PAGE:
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Israel's deadly legacy still lurks in Lebanon

by Natacha Yazbeck


Employees at the Lebanese Handicap Welfare Association work on prosthetic limbs for landmine victims in the southern Lebanese coastal town of Sarafand on March 29.

April 3, 2010

TYRE, Lebanon (AFP) ľ Nearly four years after Israel littered southern Lebanon with mines during its devastating war with Hezbollah, teenager Mohammed al-Hajj Mussa can barely bring himself to speak of the day he lost his legs.

On August 11, 2006, the lean, dark-haired boy was riding behind his father on a motorbike to deliver food to a nearby town badly hit in the Israeli raids when a cluster bomb went off under one of the tyres.

"Later, I was told that I was found in a creek about four hours after the explosion," Mohammed, now 15, told AFP at his rundown home in the Palestinian refugee camp of Al-Bass, located in the southern coastal town of Tyre.

"I came to when they were pulling me out of the water, and I knew it. I could see my legs falling apart."

That same night, the UN Security Council unanimously adopted Resolution 1701 calling for an end to the hostilities and three days later, the month-long war was over.

But Israel left a deadly legacy: the United Nations estimates that Israeli jets dropped more than four million cluster bombs in southern Lebanon in the summer battles.

Ninety percent of the bombs were dropped in the final 72 hours before the ceasefire after Resolution 1701 was adopted, the United Nations says.

Around 40 percent of the munitions failed to detonate on impact, rendering them de facto anti-personnel mines.

The munitions have killed 46 and maimed over 300 civilians since 2006, according to Lebanese army and UN figures.

Most of the victims are sappers, farmers and unsuspecting children, who mistake the shiny objects for toys.

April 4 marks the International Day for Mine Awareness and Assistance in Mine Action and in Lebanon activists plan to plant trees in cleared minefields.

But with new humanitarian crises across the world and the global economic downturn, hope for mine victims in the tiny Mediterranean country is dwindling as funds dry up.

Victims like Mohammed are waiting in line for prosthetic limbs and demining activities have slowed as the army and international organisations are forced to cut down on manpower.

"We are facing a serious shortage in funds," said Colonel Rolly Fares, who heads the army's mine victim assistance programme.

More than 197,000 cluster bombs have been defused since the end of the 2006 war, Fares said, but hundreds of thousands still threaten the people of southern Lebanon.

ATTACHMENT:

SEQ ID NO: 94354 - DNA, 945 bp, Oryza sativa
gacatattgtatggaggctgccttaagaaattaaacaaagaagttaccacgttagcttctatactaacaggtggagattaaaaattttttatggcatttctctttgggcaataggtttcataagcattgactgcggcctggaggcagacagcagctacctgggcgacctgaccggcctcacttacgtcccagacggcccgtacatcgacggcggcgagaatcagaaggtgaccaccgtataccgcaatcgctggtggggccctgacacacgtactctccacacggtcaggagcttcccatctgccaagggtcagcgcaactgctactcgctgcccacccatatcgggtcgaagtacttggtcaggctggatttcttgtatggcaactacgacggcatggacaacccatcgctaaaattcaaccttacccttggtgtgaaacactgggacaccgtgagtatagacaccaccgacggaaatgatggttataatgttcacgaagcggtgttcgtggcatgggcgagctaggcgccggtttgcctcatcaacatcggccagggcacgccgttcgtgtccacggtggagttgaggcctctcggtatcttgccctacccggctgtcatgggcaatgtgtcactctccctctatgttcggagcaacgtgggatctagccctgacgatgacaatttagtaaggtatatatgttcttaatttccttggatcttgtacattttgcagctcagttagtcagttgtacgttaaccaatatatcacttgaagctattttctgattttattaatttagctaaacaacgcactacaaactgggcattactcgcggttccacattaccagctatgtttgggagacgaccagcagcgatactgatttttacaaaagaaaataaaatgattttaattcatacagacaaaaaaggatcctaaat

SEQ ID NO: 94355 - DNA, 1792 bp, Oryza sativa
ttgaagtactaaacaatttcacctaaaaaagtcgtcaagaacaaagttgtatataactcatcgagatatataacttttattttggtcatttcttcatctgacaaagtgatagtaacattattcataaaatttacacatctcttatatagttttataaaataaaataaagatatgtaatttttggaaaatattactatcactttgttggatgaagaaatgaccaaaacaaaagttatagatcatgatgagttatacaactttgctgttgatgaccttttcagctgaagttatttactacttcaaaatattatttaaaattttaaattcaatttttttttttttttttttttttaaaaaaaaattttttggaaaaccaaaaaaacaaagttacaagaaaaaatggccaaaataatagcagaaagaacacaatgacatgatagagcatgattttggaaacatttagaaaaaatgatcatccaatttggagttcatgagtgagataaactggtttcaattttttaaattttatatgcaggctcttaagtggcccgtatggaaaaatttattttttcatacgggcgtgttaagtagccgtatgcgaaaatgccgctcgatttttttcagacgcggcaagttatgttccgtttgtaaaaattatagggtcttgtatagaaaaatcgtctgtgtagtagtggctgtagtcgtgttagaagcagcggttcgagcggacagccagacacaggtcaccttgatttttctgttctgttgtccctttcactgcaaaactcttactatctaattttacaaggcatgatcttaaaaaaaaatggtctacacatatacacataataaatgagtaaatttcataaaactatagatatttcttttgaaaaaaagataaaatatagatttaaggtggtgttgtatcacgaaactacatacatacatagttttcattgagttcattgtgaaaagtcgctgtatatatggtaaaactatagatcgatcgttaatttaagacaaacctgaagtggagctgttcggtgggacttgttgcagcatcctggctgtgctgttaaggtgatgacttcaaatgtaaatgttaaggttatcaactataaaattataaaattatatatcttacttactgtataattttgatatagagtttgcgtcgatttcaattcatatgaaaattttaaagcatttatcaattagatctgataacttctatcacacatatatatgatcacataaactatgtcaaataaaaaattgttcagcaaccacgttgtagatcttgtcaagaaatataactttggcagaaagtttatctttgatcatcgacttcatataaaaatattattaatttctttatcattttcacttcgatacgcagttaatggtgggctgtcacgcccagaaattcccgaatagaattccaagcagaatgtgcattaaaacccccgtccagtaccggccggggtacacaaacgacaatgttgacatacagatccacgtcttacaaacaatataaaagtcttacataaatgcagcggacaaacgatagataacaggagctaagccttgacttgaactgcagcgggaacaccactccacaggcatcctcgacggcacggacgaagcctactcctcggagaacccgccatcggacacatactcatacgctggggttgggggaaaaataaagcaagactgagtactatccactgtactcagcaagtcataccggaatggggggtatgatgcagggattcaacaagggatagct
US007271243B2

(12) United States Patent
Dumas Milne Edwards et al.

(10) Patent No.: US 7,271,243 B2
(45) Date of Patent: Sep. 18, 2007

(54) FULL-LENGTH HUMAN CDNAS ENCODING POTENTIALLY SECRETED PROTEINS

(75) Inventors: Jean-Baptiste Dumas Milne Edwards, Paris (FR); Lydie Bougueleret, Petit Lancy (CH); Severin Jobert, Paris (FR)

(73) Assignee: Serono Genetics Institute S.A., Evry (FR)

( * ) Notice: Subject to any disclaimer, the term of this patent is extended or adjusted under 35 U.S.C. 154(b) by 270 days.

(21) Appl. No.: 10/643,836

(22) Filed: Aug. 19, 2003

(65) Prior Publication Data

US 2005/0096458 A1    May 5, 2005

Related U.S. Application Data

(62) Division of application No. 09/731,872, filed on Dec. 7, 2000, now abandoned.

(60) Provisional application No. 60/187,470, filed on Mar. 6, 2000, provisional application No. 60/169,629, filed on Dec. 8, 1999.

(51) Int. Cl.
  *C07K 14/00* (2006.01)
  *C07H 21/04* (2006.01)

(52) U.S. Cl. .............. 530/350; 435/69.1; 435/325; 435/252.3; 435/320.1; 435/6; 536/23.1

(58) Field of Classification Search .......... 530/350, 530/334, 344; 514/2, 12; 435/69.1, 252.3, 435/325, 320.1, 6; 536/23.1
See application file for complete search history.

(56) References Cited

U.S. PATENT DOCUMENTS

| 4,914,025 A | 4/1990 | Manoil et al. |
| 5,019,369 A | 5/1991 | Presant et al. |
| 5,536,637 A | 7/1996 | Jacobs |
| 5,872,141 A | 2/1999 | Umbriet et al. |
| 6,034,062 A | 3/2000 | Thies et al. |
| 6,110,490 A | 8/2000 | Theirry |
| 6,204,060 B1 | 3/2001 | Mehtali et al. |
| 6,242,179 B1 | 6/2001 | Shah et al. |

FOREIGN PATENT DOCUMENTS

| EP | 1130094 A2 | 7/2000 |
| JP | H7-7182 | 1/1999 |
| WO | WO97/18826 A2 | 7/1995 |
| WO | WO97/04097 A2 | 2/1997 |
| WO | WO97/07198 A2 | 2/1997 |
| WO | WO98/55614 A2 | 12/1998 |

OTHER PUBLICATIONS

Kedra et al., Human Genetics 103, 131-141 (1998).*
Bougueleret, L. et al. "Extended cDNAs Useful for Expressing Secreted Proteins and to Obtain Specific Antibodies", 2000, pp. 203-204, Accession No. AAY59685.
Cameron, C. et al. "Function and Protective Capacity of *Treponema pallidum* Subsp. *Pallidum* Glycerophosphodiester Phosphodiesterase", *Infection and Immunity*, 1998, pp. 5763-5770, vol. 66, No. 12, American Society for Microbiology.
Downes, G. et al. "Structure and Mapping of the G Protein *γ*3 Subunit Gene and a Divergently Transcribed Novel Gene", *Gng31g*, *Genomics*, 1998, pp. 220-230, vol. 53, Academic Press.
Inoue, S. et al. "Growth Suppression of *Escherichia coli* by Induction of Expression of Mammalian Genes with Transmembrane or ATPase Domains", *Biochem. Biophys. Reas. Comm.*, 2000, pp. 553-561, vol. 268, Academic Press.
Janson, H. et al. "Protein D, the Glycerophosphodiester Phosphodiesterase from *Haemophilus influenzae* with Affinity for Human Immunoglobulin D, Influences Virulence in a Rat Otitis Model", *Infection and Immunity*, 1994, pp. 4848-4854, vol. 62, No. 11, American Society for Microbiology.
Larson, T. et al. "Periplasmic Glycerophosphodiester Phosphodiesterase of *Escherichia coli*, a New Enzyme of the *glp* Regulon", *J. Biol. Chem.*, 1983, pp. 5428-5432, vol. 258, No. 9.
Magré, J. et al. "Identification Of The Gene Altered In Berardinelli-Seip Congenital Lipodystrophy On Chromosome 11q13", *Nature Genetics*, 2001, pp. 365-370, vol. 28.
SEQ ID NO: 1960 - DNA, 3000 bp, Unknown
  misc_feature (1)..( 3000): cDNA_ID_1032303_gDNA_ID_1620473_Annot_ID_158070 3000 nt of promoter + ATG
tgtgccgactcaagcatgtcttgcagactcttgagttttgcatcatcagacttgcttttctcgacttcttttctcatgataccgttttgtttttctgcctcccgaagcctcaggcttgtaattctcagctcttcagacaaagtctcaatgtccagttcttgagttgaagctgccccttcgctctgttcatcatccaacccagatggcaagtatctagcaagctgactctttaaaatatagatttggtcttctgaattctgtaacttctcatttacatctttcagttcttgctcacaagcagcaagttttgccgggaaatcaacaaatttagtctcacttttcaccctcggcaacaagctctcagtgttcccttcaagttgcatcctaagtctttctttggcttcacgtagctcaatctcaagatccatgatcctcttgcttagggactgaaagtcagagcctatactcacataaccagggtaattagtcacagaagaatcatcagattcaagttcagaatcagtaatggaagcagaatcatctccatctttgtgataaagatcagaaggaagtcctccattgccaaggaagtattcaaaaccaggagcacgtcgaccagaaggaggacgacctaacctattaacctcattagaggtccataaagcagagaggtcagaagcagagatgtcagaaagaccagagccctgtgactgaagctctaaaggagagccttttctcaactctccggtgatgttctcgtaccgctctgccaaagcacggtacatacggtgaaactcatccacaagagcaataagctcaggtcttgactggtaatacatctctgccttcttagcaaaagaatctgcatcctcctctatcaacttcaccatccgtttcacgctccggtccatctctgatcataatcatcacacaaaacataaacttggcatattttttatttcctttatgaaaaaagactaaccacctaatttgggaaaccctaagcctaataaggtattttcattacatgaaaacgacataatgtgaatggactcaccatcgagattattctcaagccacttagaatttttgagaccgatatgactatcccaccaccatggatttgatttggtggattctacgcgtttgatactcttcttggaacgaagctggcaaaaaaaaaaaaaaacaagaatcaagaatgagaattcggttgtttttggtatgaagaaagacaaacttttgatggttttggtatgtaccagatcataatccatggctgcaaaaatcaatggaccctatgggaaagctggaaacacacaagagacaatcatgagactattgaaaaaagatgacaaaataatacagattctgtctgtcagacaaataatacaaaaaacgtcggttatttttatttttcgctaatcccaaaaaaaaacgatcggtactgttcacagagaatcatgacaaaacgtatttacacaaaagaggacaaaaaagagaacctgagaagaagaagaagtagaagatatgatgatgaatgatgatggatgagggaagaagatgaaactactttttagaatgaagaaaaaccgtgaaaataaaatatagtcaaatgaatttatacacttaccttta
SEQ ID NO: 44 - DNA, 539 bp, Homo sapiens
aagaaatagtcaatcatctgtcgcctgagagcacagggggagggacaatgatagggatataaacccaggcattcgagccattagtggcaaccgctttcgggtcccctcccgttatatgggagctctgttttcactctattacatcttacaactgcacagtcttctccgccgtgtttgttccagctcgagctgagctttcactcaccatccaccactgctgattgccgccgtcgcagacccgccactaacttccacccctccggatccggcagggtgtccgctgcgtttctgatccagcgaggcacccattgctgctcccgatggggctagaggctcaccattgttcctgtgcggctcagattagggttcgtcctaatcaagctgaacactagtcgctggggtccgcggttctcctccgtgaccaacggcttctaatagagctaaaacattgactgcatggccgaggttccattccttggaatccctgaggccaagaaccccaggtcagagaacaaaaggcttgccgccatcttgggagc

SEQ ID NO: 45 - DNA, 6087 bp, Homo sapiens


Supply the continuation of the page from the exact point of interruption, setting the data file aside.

"We have cleared almost 52 percent of the 45 square-kilometre (17.3 square-mile) area affected but we have less demining teams with the cash shortage," he said.

-- 'They're terrified of another war' -- Maha Shuman Jebahi, of the Lebanese Handicap Welfare Association, said lack of funding meant more and more victims are left waiting for prosthetic limbs.

"How do you tell someone that we can provide psychological assistance but we can't give them a leg?" she said.

But Mohammed, who is also a Palestinian refugee, refuses to pin his hopes on a new pair of legs. He finds it easier to cope that way.

He received treatment for his injuries in Germany and Malaysia but back now in Lebanon, the growing adolescent is battling to find adequate prosthetic limbs.

"These don't fit," he said, showing a pair of artificial legs propped up in a corner, with jeans bunched around the ankles and sneakers on both feet. "They hurt and they keep breaking.

"It's not legs I want anymore," he added. "All I want is a life, an education, a girlfriend."

Khaled Yamout, who heads the landmine action program for the Norwegian People's Aid, said his organisation was facing a 25 percent budget cut this year and a 50 percent cut next year.

"The Lebanese government alone lacks the capacity to ensure the safety of land for civilians," Yamout told AFP. "The load is beyond huge."

Israel's use of cluster bombs in Lebanon goes back decades. According to Human Rights Watch (HRW), Israel used the munitions during Lebanon's 1975-1990 civil war, and then again in 2006.

The United States, too, dropped the deadly bomblets on Syrian army bases near Beirut in 1983, according to HRW.

While the Jewish state provided maps of cluster bomb and landmine locations last year, the Lebanese army has said the maps were flawed and incomplete.

In a significant step forward, the United Nations announced last month that a 30th country had signed the international convention banning cluster bombs, paving the way for the document to come into force on August 1.

The United States and Israel are not among the signatories.

But for the people of southern Lebanon, the convention is years late and offers little hope amid fears that a new war is lurking, threatening new devastation.

Seventy-year-old farmer Ibrahim Ramadan today can only gaze at his land from a distance. Aid groups have warned him it is still contaminated with mines, and he fears for the safety of his grandchildren, preferring to keep them indoors.

"No one dares touch this land, the land that we and our ancestors before us cultivated with olive trees, tobacco, and wheat," Ramadan told AFP at his home in the windy southern town of Ghanduriyeh, which was badly hit in the 2006 war.

Today, he says tensions are again high and his townsfolk are bracing for another round of violence.

"People are terrified," he said. "They're terrified to venture into their own land.

"They're terrified of another war."

:: Article nr. 64776 sent on 03-apr-2010 23:46 ECT


Link: news.yahoo.com/s/afp/20100402/lf_afp/mideastconflictlebanonmines

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